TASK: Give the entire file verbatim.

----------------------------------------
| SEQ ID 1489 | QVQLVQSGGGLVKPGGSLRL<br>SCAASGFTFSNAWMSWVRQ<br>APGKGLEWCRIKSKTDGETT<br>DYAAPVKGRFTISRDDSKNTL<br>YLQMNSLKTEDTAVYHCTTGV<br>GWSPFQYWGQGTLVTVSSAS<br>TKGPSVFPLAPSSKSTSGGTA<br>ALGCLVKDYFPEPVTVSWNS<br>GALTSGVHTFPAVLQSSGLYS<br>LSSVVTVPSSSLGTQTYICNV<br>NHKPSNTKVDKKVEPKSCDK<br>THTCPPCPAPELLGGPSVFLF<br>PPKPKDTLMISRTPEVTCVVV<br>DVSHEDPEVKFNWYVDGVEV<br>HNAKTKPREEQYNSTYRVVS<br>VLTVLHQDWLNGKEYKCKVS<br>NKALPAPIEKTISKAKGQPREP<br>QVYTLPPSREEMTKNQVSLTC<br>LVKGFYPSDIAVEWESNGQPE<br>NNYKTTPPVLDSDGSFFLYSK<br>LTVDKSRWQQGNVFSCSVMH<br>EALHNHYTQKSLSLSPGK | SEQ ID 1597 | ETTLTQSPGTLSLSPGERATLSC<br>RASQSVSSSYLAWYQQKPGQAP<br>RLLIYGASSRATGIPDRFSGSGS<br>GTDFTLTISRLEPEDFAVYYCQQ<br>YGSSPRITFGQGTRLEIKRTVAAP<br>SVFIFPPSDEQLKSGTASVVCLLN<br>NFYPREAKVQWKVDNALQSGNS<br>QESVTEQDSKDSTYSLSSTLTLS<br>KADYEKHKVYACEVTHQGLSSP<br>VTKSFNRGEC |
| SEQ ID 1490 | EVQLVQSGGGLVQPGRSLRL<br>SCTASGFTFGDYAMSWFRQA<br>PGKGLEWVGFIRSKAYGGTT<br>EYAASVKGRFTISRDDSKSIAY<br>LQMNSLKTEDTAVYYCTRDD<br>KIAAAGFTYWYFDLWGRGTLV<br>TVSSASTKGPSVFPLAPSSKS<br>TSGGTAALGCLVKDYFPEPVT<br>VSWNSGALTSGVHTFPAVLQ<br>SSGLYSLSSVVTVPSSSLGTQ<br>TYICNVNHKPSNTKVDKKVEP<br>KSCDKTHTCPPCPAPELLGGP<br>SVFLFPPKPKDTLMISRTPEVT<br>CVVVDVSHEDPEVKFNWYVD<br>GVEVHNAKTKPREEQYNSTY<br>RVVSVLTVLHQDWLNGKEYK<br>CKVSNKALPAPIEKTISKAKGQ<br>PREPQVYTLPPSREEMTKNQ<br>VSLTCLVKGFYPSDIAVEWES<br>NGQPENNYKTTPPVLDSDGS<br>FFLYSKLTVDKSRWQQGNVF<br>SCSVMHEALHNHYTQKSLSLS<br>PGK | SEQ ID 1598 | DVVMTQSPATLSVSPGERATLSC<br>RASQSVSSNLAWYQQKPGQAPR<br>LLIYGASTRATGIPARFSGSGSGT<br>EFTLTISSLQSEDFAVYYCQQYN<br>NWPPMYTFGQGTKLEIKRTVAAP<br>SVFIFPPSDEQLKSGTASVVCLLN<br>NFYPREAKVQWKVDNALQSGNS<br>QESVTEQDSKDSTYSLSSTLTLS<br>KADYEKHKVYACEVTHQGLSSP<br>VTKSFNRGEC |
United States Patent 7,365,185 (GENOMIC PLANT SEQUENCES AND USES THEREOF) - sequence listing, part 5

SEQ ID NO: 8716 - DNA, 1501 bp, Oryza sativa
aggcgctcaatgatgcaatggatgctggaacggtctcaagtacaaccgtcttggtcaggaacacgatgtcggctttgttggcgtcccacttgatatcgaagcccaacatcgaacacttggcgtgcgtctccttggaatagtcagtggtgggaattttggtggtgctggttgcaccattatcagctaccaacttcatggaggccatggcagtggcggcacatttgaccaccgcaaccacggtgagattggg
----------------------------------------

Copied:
| SEQ ID 1489 | QVQLVQSGGGLVKPGGSLRL<br>SCAASGFTFSNAWMSWVRQ<br>APGKGLEWCRIKSKTDGETT<br>DYAAPVKGRFTISRDDSKNTL<br>YLQMNSLKTEDTAVYHCTTGV<br>GWSPFQYWGQGTLVTVSSAS<br>TKGPSVFPLAPSSKSTSGGTA<br>ALGCLVKDYFPEPVTVSWNS<br>GALTSGVHTFPAVLQSSGLYS<br>LSSVVTVPSSSLGTQTYICNV<br>NHKPSNTKVDKKVEPKSCDK<br>THTCPPCPAPELLGGPSVFLF<br>PPKPKDTLMISRTPEVTCVVV<br>DVSHEDPEVKFNWYVDGVEV<br>HNAKTKPREEQYNSTYRVVS<br>VLTVLHQDWLNGKEYKCKVS<br>NKALPAPIEKTISKAKGQPREP<br>QVYTLPPSREEMTKNQVSLTC<br>LVKGFYPSDIAVEWESNGQPE<br>NNYKTTPPVLDSDGSFFLYSK<br>LTVDKSRWQQGNVFSCSVMH<br>EALHNHYTQKSLSLSPGK | SEQ ID 1597 | ETTLTQSPGTLSLSPGERATLSC<br>RASQSVSSSYLAWYQQKPGQAP<br>RLLIYGASSRATGIPDRFSGSGS<br>GTDFTLTISRLEPEDFAVYYCQQ<br>YGSSPRITFGQGTRLEIKRTVAAP<br>SVFIFPPSDEQLKSGTASVVCLLN<br>NFYPREAKVQWKVDNALQSGNS<br>QESVTEQDSKDSTYSLSSTLTLS<br>KADYEKHKVYACEVTHQGLSSP<br>VTKSFNRGEC |
| SEQ ID 1490 | EVQLVQSGGGLVQPGRSLRL<br>SCTASGFTFGDYAMSWFRQA<br>PGKGLEWVGFIRSKAYGGTT<br>EYAASVKGRFTISRDDSKSIAY<br>LQMNSLKTEDTAVYYCTRDD<br>KIAAAGFTYWYFDLWGRGTLV<br>TVSSASTKGPSVFPLAPSSKS<br>TSGGTAALGCLVKDYFPEPVT<br>VSWNSGALTSGVHTFPAVLQ<br>SSGLYSLSSVVTVPSSSLGTQ<br>TYICNVNHKPSNTKVDKKVEP<br>KSCDKTHTCPPCPAPELLGGP<br>SVFLFPPKPKDTLMISRTPEVT<br>CVVVDVSHEDPEVKFNWYVD<br>GVEVHNAKTKPREEQYNSTY<br>RVVSVLTVLHQDWLNGKEYK<br>CKVSNKALPAPIEKTISKAKGQ<br>PREPQVYTLPPSREEMTKNQ<br>VSLTCLVKGFYPSDIAVEWES<br>NGQPENNYKTTPPVLDSDGS<br>FFLYSKLTVDKSRWQQGNVF<br>SCSVMHEALHNHYTQKSLSLS<br>PGK | SEQ ID 1598 | DVVMTQSPATLSVSPGERATLSC<br>RASQSVSSNLAWYQQKPGQAPR<br>LLIYGASTRATGIPARFSGSGSGT<br>EFTLTISSLQSEDFAVYYCQQYN<br>NWPPMYTFGQGTKLEIKRTVAAP<br>SVFIFPPSDEQLKSGTASVVCLLN<br>NFYPREAKVQWKVDNALQSGNS<br>QESVTEQDSKDSTYSLSSTLTLS<br>KADYEKHKVYACEVTHQGLSSP<br>VTKSFNRGEC |
United States Patent 7,365,185 (GENOMIC PLANT SEQUENCES AND USES THEREOF) - sequence listing, part 5

SEQ ID NO: 8716 - DNA, 1501 bp, Oryza sativa
aggcgctcaatgatgcaatggatgctggaacggtctcaagtacaaccgtcttggtcaggaacacgatgtcggctttgttggcgtcccacttgatatcgaagcccaacatcgaacacttggcgtgcgtctccttggaatagtcagtggtgggaattttggtggtgctggttgcaccattatcagctaccaacttcatggaggccatggcagtggcggcacatttgaccaccgcaaccacggtgagattggg